My Research Dashboard connects Scopus, ScienceDirect and Mendeley. Scopus is an abstract and citation database that represents 5,000 publishers. ScienceDirect is home to almost 16% of the world’s peer-reviewed content and Mendeley is a free reference manager and academic social network that helps you organize your documents, collaborate with others online, and discover the latest research in your field.

Register here to My Research Dashboard. The Library will be happy to help you register.

Do you know Google Scholar Metrics?

GSGoogle Scholar Metrics provide a way for authors to quickly gauge the visibility and influence of recent articles in scholarly publications. Scholar Metrics summarize recent citations to many publications.

You can explore publications in research areas of your interest, for example, the top 20 publications in Business, Economics & Management. They are ordered by their five-year h-index and h-median metrics. To see which articles in a publication were cited the most and who cited them, click on their h-index number to view the articles as well as the citations underlying the metrics.

GS Metrics

To explore specific research areas, select one of the broad areas, click on the “Subcategories” link and then select one of the options. For example: Finance or Marketing. Browsing by research area is, as yet, available only for English publications. You can, of course, search for specific publications in all languages by words in their titles, like “Revue Française de Gestion“.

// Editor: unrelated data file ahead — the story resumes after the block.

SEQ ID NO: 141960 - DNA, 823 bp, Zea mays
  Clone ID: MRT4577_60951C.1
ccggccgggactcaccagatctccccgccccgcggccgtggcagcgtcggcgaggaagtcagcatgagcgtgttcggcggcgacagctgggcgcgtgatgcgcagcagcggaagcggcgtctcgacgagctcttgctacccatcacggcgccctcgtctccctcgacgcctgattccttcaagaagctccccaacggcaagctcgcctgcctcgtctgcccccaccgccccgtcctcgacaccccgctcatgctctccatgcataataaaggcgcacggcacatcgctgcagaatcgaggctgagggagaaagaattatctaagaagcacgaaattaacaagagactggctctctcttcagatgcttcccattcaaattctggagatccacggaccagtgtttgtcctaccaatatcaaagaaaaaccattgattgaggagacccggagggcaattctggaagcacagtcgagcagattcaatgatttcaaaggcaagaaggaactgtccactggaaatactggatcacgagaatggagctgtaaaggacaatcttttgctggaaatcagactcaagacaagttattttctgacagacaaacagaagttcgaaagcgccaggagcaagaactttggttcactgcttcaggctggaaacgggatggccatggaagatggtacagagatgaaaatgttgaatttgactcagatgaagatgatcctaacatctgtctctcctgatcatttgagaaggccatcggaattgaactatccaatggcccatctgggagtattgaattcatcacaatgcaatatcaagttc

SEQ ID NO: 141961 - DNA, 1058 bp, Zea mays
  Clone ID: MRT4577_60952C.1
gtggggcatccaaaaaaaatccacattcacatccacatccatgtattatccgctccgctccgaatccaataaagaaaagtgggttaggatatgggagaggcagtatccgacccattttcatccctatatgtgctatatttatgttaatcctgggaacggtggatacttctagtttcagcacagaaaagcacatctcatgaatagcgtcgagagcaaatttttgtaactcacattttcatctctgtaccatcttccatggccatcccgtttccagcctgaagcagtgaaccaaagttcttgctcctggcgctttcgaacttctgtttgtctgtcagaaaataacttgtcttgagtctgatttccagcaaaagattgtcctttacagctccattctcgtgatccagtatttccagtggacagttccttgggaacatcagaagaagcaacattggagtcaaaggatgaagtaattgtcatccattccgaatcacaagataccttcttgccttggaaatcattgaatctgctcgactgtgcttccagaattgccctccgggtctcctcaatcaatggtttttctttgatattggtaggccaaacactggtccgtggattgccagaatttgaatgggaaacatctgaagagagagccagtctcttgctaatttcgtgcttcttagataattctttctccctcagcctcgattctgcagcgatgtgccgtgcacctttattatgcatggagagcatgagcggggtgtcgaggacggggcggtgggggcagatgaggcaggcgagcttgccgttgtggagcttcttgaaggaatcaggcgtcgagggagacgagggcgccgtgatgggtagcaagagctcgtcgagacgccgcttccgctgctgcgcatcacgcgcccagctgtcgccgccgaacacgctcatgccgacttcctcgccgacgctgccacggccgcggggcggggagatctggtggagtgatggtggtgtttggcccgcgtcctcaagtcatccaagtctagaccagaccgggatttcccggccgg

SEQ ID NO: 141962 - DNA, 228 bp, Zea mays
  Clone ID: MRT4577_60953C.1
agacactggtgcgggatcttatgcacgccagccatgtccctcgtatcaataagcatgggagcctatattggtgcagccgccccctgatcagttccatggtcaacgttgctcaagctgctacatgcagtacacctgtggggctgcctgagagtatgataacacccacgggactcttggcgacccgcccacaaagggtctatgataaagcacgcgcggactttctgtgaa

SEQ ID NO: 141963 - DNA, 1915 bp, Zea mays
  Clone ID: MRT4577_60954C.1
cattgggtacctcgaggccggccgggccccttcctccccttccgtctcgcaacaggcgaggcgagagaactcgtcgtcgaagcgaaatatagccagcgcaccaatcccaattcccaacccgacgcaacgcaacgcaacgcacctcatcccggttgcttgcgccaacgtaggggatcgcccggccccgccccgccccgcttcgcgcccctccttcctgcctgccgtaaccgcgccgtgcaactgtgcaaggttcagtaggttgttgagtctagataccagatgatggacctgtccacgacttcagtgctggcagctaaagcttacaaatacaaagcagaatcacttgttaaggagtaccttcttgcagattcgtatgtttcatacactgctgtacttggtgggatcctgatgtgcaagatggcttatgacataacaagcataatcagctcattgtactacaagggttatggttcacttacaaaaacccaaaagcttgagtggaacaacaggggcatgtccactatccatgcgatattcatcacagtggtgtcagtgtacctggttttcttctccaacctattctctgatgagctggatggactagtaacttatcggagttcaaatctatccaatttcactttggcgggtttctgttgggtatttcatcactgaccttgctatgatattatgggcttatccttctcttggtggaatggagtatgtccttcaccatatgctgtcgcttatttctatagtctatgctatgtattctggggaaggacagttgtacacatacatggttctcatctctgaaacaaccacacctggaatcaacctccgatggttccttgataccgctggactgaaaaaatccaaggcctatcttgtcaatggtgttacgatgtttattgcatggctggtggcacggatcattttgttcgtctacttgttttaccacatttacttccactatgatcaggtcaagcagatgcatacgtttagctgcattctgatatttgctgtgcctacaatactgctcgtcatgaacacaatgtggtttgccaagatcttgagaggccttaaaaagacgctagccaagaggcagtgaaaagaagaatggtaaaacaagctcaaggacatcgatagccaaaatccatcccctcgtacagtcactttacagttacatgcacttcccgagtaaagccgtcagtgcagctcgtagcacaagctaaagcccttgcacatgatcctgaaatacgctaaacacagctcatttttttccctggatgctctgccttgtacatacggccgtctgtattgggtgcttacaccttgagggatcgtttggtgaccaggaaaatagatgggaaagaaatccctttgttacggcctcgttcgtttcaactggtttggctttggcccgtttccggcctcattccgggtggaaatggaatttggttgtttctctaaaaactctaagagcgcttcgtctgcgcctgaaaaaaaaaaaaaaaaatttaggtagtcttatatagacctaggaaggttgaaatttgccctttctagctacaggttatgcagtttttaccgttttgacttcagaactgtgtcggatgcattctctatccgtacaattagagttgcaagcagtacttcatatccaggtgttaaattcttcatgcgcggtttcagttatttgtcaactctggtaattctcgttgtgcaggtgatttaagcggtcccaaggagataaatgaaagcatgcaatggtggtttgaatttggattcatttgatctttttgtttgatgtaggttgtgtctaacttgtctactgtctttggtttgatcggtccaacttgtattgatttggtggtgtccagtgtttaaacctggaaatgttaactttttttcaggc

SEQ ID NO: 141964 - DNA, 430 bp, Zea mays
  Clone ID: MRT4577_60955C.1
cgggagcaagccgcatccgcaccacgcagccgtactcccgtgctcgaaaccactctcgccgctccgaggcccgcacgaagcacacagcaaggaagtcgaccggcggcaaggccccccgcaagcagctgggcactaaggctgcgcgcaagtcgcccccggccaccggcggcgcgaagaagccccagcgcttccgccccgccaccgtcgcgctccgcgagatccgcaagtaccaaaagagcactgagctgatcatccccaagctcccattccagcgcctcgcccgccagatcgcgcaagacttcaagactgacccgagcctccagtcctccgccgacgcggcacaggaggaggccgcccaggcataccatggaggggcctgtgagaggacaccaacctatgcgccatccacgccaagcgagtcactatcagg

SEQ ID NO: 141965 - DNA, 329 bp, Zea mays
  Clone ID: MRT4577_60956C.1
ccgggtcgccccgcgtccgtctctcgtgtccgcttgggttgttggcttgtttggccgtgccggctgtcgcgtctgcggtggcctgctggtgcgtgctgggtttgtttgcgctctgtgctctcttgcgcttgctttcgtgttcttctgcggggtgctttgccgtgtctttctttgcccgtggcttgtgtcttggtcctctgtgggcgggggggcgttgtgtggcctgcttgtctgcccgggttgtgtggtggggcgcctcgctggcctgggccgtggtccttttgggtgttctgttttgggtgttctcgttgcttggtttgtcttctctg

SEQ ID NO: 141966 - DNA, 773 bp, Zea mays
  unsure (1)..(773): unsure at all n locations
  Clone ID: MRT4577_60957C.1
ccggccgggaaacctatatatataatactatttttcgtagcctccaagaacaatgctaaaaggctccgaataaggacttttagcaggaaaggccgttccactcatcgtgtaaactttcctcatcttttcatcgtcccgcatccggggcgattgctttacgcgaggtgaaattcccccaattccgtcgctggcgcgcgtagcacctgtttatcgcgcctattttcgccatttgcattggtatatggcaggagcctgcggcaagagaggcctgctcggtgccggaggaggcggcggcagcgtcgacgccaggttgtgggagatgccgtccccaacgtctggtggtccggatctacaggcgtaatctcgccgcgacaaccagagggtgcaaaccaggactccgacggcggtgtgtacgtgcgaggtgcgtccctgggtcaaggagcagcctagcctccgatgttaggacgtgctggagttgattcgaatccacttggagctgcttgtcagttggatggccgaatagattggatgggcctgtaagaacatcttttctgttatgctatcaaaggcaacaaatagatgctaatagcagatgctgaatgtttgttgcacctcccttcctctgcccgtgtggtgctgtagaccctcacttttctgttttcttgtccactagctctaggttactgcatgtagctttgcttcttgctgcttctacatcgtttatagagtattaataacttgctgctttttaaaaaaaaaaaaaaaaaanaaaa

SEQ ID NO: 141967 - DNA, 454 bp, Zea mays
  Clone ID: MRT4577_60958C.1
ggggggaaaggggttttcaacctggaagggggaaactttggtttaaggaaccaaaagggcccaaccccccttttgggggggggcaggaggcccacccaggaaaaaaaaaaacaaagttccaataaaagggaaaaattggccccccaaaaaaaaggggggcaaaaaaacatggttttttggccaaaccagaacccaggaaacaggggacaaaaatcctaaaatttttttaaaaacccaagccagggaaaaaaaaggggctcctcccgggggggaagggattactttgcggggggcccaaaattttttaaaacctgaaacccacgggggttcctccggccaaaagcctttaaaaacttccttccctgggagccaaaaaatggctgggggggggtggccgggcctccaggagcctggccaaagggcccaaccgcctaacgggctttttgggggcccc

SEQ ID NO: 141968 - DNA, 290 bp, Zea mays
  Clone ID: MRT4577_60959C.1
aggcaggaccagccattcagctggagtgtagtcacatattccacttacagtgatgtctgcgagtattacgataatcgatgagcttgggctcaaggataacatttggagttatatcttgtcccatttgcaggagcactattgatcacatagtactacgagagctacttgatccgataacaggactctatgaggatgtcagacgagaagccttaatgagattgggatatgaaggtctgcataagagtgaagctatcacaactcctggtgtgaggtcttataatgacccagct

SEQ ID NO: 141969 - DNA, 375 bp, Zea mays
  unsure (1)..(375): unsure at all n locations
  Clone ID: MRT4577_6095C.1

Scholar Metrics currently cover articles published between 2009 and 2013, both inclusive and are currently based on Google Scholar index as it was in June 2014.

The h5-index and h5-median of a publication are, respectively, the h-index and h-median of only those of its articles that were published in the last five complete calendar years.

Also note Google’s explanations on the coverage of publications:

“Since Google Scholar indexes articles from a large number of websites, we can’t always tell in which journal a particular article has been published. To avoid misidentification of publications, we have included only the following items:

  • journal articles from websites that follow our inclusion guidelines;
  • selected conference articles in Computer Science and Electrical Engineering;
  • preprints from arXiv, SSRN, NBER and RePEC – for these sites, we compute metrics for individual collections, e.g., “arXiv Superconductivity (cond-mat.supr-con)” or “CEPR Discussion Papers”. “

Viewing Altmetrics

Viewing Altmetrics

Altmetrics are a new form of metrics,  proposed as an alternative to Journal Impact Factor and other personal citation indices.

They often focus on social networks, online reference managers and bookmarking for analysis, as opposed to peer citation.

See how Altmetrics are used by an institutional repository

Below are two examples from two articles.

Note the presence of the  icon below the social network links.
Click this icon to see a breakdown of the article metrics; the platform the article was shared from, what was written or tweeted about the article, where it was shared, and its overall score.

For more information on Altmetrics, visit their site.